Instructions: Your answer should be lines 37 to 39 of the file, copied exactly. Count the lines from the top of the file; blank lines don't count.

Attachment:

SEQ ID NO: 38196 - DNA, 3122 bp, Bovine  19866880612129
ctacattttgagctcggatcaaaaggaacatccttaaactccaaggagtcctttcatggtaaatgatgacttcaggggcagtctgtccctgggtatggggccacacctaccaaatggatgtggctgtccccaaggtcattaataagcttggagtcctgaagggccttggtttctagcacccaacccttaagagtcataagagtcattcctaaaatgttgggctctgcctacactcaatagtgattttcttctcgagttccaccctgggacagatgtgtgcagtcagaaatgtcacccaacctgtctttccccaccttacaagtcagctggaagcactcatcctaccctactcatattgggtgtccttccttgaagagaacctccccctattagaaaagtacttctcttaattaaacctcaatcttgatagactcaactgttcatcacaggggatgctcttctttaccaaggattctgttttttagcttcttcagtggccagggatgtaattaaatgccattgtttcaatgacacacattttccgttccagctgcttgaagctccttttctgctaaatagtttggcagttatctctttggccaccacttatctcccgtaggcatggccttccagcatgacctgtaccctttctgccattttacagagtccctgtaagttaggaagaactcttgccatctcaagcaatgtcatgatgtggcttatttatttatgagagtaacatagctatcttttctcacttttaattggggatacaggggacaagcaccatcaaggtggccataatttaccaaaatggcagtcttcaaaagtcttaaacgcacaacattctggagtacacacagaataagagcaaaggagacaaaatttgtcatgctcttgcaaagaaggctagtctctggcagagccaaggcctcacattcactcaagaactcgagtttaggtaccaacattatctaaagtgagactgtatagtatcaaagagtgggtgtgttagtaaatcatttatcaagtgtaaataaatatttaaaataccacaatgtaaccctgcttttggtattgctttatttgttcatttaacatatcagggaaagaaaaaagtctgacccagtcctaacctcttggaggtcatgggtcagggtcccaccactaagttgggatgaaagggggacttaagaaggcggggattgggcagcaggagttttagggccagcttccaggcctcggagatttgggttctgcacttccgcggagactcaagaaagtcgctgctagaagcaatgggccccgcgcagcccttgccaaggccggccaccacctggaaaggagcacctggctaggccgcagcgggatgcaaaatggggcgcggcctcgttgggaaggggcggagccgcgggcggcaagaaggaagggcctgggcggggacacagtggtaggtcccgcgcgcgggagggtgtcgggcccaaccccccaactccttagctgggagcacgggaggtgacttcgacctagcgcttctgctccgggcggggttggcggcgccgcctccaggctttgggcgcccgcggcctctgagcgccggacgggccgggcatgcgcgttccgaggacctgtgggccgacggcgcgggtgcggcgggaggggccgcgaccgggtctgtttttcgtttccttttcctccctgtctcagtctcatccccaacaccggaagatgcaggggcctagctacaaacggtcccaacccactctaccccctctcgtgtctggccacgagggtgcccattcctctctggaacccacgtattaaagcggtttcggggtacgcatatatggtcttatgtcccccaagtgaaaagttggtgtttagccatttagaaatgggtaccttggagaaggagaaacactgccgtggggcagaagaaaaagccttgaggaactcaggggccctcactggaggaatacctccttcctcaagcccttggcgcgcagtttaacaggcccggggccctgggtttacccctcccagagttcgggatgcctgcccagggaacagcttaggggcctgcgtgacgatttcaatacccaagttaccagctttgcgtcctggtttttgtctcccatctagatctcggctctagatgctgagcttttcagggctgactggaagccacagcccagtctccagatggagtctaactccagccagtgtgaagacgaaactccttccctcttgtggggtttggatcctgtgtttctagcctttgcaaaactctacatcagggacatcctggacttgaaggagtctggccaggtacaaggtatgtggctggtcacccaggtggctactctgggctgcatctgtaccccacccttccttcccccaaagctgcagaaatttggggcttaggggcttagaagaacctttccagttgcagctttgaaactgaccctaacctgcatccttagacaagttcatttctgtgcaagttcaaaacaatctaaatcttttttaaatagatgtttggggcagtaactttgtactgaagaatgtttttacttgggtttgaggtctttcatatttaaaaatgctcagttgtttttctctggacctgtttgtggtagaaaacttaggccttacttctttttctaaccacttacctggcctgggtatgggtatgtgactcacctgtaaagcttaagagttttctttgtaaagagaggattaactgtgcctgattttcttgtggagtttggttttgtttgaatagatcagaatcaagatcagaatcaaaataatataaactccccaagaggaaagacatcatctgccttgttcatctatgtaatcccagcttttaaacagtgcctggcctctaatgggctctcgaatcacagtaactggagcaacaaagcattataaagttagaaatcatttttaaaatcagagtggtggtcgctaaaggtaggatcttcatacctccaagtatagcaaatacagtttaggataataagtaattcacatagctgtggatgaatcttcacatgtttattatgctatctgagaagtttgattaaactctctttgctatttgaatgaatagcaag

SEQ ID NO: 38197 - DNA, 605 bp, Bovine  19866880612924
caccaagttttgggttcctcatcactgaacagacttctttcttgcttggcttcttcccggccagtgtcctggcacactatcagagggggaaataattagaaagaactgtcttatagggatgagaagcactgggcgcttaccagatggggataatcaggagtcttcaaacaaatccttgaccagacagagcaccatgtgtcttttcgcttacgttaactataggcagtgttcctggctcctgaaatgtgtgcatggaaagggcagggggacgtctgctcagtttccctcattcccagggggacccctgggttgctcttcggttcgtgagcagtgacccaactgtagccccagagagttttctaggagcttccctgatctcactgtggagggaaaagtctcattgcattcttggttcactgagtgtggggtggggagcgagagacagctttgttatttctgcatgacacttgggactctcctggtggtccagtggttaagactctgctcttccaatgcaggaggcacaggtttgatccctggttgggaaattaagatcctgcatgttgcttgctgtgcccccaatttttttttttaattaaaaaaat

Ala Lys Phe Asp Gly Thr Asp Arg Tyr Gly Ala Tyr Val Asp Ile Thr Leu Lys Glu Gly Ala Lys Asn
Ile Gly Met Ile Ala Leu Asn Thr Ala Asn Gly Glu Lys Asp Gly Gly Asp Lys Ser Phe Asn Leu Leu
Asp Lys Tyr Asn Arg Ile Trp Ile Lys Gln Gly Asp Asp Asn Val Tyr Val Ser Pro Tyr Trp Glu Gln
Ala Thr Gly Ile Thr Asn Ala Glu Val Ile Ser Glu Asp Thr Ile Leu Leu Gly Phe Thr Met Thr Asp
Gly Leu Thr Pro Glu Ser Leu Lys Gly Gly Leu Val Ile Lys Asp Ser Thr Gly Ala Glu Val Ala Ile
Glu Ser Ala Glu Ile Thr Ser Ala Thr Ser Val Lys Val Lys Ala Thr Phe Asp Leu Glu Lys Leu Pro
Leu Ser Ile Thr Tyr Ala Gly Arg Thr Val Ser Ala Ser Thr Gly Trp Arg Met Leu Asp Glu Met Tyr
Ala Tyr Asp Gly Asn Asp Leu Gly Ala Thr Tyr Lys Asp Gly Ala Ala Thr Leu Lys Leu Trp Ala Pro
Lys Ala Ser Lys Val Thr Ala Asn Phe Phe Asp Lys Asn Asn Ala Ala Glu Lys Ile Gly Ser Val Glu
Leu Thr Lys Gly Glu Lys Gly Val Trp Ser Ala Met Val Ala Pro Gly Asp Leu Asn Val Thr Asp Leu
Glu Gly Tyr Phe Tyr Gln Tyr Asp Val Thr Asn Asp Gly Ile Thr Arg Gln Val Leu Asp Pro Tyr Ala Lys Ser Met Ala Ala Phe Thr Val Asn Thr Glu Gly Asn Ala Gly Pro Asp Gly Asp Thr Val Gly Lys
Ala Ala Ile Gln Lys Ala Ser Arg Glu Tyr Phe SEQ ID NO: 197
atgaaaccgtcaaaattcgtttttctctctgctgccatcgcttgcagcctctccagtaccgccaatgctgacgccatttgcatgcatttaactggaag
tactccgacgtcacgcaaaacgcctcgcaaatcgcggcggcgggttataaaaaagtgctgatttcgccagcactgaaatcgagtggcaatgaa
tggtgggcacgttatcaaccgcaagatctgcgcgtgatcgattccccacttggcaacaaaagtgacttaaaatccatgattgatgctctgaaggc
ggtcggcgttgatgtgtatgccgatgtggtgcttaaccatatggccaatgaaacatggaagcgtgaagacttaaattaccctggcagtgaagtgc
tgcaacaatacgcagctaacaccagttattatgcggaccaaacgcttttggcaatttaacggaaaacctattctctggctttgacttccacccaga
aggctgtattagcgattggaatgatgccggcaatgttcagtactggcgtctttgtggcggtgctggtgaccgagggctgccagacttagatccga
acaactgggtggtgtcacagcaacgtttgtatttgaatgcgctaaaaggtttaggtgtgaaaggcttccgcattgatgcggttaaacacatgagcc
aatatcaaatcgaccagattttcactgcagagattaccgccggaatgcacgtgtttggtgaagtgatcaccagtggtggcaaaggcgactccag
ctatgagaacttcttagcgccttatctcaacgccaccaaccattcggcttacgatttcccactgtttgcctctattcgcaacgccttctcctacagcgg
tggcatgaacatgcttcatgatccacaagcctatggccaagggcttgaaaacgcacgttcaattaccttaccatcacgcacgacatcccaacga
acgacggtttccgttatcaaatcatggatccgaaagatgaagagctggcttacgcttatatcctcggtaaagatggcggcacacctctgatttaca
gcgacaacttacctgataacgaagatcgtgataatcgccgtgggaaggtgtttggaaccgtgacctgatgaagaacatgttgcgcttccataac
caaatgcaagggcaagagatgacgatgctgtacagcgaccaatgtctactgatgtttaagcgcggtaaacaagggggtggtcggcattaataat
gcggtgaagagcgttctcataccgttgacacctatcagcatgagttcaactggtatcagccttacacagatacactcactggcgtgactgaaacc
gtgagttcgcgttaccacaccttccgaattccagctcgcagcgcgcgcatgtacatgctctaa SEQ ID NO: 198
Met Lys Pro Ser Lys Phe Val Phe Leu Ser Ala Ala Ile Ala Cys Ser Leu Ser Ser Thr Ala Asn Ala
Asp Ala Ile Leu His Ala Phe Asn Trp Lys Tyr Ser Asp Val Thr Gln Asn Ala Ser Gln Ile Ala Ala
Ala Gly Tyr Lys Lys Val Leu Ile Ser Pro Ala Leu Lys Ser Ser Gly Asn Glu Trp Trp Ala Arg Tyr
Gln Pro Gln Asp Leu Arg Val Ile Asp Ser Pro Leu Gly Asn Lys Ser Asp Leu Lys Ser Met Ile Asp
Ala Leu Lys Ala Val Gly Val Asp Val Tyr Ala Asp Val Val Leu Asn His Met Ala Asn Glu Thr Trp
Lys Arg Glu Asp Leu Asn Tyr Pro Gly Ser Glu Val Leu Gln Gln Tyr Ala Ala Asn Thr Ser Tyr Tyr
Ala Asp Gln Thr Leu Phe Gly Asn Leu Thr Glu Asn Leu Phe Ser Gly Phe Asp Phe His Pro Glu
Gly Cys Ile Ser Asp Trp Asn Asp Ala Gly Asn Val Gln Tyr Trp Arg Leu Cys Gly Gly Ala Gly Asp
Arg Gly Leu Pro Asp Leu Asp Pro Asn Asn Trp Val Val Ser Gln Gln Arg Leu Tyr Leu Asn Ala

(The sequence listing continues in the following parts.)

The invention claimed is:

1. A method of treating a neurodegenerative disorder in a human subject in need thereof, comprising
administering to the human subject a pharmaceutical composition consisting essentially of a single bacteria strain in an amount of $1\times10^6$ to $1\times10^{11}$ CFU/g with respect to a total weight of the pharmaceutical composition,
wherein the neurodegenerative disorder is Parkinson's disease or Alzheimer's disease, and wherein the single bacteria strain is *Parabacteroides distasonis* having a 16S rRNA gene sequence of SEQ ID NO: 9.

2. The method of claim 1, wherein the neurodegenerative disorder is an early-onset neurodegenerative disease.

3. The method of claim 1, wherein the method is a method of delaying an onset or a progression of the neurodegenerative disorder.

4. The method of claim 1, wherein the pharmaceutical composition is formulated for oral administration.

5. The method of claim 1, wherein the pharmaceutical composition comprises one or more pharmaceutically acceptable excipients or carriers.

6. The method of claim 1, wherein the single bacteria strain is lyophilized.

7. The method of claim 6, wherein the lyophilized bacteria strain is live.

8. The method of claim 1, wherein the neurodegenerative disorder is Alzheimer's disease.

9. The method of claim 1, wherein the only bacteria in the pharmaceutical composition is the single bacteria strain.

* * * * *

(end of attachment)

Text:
Lys Arg Glu Asp Leu Asn Tyr Pro Gly Ser Glu Val Leu Gln Gln Tyr Ala Ala Asn Thr Ser Tyr Tyr
Ala Asp Gln Thr Leu Phe Gly Asn Leu Thr Glu Asn Leu Phe Ser Gly Phe Asp Phe His Pro Glu
Gly Cys Ile Ser Asp Trp Asn Asp Ala Gly Asn Val Gln Tyr Trp Arg Leu Cys Gly Gly Ala Gly Asp